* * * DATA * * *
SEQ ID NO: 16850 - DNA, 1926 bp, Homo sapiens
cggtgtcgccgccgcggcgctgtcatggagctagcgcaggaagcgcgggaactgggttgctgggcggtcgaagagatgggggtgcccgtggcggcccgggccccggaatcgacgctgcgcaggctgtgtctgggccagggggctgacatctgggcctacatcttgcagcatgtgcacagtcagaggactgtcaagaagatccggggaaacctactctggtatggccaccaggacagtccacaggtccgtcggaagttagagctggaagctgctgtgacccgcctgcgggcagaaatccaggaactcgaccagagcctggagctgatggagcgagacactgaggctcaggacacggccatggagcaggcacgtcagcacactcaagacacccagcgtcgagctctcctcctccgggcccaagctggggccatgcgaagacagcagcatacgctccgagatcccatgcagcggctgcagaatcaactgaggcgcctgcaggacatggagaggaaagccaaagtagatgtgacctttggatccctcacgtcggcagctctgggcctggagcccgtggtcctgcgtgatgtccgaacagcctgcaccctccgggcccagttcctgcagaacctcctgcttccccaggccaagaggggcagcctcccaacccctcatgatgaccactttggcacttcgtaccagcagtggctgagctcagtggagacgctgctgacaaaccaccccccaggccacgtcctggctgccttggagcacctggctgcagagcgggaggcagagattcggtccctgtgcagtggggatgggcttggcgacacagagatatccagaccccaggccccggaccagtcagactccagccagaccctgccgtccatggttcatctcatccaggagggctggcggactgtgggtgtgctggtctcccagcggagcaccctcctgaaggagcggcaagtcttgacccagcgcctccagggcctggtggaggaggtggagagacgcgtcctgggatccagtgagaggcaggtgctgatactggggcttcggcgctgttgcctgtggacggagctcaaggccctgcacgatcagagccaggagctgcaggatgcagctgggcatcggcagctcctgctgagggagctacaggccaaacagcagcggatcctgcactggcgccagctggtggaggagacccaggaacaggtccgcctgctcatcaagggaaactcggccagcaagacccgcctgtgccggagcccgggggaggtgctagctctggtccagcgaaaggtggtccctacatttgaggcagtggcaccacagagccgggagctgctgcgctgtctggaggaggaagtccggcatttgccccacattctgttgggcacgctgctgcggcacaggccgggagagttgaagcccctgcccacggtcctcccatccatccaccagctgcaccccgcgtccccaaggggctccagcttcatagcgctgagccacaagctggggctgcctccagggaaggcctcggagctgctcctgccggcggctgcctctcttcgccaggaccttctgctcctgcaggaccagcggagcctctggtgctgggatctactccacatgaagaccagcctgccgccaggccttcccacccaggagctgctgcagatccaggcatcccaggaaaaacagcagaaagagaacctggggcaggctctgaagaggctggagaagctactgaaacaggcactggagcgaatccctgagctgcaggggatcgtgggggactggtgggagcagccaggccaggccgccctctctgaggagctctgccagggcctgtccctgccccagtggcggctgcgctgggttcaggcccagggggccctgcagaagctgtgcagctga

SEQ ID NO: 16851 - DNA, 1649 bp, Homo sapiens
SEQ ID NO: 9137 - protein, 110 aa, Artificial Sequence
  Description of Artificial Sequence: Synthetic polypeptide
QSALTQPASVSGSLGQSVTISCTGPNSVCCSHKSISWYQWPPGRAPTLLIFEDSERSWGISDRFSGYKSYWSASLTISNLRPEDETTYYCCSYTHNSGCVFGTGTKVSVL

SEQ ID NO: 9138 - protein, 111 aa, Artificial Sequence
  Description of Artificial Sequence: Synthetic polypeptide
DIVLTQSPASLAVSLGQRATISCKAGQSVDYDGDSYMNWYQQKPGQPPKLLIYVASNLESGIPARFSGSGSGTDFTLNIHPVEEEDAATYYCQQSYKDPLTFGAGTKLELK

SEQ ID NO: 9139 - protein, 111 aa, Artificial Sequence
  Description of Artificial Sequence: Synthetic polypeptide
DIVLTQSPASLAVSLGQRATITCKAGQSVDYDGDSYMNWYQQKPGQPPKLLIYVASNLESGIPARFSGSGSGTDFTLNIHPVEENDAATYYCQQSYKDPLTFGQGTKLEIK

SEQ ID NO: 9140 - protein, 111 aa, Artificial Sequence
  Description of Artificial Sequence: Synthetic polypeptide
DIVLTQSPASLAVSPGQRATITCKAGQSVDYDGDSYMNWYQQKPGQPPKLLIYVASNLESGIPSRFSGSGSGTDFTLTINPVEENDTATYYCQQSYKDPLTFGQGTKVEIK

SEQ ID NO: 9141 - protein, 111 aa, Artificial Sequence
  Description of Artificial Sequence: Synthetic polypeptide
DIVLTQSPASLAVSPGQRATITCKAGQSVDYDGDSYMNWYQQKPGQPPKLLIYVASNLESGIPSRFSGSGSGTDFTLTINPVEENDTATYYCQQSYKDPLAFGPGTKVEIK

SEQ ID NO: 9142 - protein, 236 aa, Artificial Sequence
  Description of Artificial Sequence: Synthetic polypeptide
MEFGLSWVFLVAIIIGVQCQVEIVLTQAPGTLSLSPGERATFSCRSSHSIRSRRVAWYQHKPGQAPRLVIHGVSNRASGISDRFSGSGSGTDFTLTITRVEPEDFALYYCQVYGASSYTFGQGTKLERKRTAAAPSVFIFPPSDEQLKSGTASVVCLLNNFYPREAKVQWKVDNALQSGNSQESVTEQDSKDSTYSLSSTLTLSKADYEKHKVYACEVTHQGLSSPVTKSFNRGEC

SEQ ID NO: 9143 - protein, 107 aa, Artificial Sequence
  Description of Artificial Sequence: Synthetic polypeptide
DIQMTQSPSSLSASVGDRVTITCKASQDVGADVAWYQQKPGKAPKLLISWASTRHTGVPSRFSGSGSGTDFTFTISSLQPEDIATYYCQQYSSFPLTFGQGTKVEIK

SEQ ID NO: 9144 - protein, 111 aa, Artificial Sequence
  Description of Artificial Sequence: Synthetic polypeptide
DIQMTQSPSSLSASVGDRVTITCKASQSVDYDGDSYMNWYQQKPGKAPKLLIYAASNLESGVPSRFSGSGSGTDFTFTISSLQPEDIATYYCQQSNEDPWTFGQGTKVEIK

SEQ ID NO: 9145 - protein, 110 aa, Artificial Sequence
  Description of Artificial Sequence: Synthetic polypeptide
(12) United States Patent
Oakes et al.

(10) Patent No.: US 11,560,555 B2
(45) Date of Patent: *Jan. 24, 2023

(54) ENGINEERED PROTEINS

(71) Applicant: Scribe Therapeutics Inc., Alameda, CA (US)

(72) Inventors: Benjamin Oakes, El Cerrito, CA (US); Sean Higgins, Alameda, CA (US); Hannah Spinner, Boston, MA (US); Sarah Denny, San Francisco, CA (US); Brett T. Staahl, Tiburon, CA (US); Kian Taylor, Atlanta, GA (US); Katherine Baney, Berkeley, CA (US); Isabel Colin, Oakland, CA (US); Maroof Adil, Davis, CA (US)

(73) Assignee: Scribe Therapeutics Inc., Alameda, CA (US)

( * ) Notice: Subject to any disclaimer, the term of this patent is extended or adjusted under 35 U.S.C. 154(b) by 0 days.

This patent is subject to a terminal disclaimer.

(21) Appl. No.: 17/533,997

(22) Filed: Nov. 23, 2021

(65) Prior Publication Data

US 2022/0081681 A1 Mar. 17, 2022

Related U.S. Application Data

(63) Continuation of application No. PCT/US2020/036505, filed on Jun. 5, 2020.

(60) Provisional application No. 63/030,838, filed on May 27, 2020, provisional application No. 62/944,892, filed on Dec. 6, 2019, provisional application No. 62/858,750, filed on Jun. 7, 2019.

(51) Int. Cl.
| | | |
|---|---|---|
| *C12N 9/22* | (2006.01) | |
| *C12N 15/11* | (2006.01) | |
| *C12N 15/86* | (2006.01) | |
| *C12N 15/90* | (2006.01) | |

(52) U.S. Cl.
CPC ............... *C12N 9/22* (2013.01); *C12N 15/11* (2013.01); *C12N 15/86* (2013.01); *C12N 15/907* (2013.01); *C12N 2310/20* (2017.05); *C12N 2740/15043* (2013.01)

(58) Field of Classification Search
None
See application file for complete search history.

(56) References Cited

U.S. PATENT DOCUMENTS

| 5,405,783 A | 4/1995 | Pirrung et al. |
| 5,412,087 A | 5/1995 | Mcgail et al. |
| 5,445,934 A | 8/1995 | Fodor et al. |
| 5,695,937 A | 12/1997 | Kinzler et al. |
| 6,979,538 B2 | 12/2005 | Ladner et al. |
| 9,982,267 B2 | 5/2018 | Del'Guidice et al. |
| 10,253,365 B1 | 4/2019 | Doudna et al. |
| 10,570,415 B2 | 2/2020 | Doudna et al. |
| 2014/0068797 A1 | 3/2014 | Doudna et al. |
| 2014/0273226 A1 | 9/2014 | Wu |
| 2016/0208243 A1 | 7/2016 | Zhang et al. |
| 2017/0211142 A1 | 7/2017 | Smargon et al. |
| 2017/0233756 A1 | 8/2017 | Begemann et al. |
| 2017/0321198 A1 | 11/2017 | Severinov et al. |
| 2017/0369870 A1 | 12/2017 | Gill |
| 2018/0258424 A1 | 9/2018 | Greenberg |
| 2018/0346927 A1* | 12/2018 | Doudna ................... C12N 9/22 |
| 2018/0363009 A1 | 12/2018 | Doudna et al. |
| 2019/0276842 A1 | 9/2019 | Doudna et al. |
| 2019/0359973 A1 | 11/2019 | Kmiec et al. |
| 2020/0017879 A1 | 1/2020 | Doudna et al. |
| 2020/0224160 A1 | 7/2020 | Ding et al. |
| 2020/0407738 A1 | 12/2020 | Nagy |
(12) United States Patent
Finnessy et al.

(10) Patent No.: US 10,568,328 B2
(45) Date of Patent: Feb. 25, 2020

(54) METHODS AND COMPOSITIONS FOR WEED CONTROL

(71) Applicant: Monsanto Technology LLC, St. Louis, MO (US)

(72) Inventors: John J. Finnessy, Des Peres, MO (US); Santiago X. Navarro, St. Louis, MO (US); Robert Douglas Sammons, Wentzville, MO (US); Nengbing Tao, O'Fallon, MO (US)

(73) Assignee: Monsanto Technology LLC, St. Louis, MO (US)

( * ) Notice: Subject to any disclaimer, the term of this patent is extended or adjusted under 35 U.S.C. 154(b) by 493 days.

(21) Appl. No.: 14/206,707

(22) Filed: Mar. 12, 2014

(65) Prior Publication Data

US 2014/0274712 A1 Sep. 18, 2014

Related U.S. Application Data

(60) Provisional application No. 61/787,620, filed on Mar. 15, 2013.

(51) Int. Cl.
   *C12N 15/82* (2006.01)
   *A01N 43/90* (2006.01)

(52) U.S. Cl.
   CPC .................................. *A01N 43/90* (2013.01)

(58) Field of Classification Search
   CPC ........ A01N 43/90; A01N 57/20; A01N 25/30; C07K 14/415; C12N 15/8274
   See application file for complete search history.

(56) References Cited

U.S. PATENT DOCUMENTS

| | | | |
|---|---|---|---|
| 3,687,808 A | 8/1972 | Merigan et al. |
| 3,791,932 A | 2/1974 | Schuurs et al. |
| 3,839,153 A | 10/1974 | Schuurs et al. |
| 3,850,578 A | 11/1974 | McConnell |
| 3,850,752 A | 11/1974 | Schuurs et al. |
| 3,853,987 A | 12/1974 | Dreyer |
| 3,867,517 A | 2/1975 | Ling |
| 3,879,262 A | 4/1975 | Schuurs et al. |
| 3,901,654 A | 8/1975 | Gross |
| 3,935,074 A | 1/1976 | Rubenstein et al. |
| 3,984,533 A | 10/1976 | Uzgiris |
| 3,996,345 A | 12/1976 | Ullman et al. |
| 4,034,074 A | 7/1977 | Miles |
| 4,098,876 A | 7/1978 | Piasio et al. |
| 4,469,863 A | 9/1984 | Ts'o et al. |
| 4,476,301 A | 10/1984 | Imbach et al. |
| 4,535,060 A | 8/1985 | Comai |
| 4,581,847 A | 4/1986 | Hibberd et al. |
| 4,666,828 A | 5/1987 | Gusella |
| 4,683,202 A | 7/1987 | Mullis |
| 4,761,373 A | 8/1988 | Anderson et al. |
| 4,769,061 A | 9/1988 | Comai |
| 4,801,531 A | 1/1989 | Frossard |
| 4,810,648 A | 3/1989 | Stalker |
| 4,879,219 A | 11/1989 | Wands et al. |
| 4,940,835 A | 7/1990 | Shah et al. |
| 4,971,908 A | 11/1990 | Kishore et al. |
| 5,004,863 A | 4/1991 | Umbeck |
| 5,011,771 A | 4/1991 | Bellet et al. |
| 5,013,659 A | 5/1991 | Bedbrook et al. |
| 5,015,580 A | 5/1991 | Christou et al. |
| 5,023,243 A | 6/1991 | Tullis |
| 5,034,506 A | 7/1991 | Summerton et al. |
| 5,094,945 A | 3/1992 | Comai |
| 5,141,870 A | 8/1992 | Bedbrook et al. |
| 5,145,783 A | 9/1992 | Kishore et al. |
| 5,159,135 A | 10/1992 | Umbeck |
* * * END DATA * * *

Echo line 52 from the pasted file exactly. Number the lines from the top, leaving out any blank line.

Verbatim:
| *C12N 15/86* | (2006.01) | |